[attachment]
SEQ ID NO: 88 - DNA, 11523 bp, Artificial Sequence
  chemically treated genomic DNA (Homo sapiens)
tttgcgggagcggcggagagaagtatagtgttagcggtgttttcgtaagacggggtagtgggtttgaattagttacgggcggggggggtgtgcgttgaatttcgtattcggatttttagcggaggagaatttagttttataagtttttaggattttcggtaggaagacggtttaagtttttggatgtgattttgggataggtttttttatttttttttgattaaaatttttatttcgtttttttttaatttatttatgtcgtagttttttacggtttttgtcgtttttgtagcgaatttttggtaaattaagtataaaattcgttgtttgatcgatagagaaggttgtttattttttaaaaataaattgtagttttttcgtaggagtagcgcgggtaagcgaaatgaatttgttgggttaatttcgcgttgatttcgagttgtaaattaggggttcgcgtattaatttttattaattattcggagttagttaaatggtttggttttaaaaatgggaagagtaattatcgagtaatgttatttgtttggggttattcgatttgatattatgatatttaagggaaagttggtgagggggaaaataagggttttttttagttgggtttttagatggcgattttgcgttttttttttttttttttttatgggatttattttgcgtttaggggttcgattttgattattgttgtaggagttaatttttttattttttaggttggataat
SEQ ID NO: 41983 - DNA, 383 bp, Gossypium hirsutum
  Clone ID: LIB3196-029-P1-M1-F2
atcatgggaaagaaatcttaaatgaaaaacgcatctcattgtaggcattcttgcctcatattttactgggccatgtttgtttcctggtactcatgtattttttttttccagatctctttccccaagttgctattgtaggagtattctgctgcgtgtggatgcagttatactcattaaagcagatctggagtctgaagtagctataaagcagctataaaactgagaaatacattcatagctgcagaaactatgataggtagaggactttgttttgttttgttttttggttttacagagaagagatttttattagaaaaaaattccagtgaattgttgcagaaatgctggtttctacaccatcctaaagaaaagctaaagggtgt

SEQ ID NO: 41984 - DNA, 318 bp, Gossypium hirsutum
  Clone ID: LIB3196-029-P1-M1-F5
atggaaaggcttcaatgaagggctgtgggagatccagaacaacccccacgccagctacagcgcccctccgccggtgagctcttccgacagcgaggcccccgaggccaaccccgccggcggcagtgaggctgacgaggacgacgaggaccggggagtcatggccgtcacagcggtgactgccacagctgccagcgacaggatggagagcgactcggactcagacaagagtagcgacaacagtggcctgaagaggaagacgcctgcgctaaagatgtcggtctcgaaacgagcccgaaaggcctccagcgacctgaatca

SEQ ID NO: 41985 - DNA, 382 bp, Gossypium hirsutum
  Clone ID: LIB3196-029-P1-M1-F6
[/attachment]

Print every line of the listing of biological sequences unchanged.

SEQ ID NO: 88 - DNA, 11523 bp, Artificial Sequence
  chemically treated genomic DNA (Homo sapiens)
tttgcgggagcggcggagagaagtatagtgttagcggtgttttcgtaagacggggtagtgggtttgaattagttacgggcggggggggtgtgcgttgaatttcgtattcggatttttagcggaggagaatttagttttataagtttttaggattttcggtaggaagacggtttaagtttttggatgtgattttgggataggtttttttatttttttttgattaaaatttttatttcgtttttttttaatttatttatgtcgtagttttttacggtttttgtcgtttttgtagcgaatttttggtaaattaagtataaaattcgttgtttgatcgatagagaaggttgtttattttttaaaaataaattgtagttttttcgtaggagtagcgcgggtaagcgaaatgaatttgttgggttaatttcgcgttgatttcgagttgtaaattaggggttcgcgtattaatttttattaattattcggagttagttaaatggtttggttttaaaaatgggaagagtaattatcgagtaatgttatttgtttggggttattcgatttgatattatgatatttaagggaaagttggtgagggggaaaataagggttttttttagttgggtttttagatggcgattttgcgttttttttttttttttttttatgggatttattttgcgtttaggggttcgattttgattattgttgtaggagttaatttttttattttttaggttggataat
SEQ ID NO: 41983 - DNA, 383 bp, Gossypium hirsutum
  Clone ID: LIB3196-029-P1-M1-F2
atcatgggaaagaaatcttaaatgaaaaacgcatctcattgtaggcattcttgcctcatattttactgggccatgtttgtttcctggtactcatgtattttttttttccagatctctttccccaagttgctattgtaggagtattctgctgcgtgtggatgcagttatactcattaaagcagatctggagtctgaagtagctataaagcagctataaaactgagaaatacattcatagctgcagaaactatgataggtagaggactttgttttgttttgttttttggttttacagagaagagatttttattagaaaaaaattccagtgaattgttgcagaaatgctggtttctacaccatcctaaagaaaagctaaagggtgt

SEQ ID NO: 41984 - DNA, 318 bp, Gossypium hirsutum
  Clone ID: LIB3196-029-P1-M1-F5
atggaaaggcttcaatgaagggctgtgggagatccagaacaacccccacgccagctacagcgcccctccgccggtgagctcttccgacagcgaggcccccgaggccaaccccgccggcggcagtgaggctgacgaggacgacgaggaccggggagtcatggccgtcacagcggtgactgccacagctgccagcgacaggatggagagcgactcggactcagacaagagtagcgacaacagtggcctgaagaggaagacgcctgcgctaaagatgtcggtctcgaaacgagcccgaaaggcctccagcgacctgaatca

SEQ ID NO: 41985 - DNA, 382 bp, Gossypium hirsutum
  Clone ID: LIB3196-029-P1-M1-F6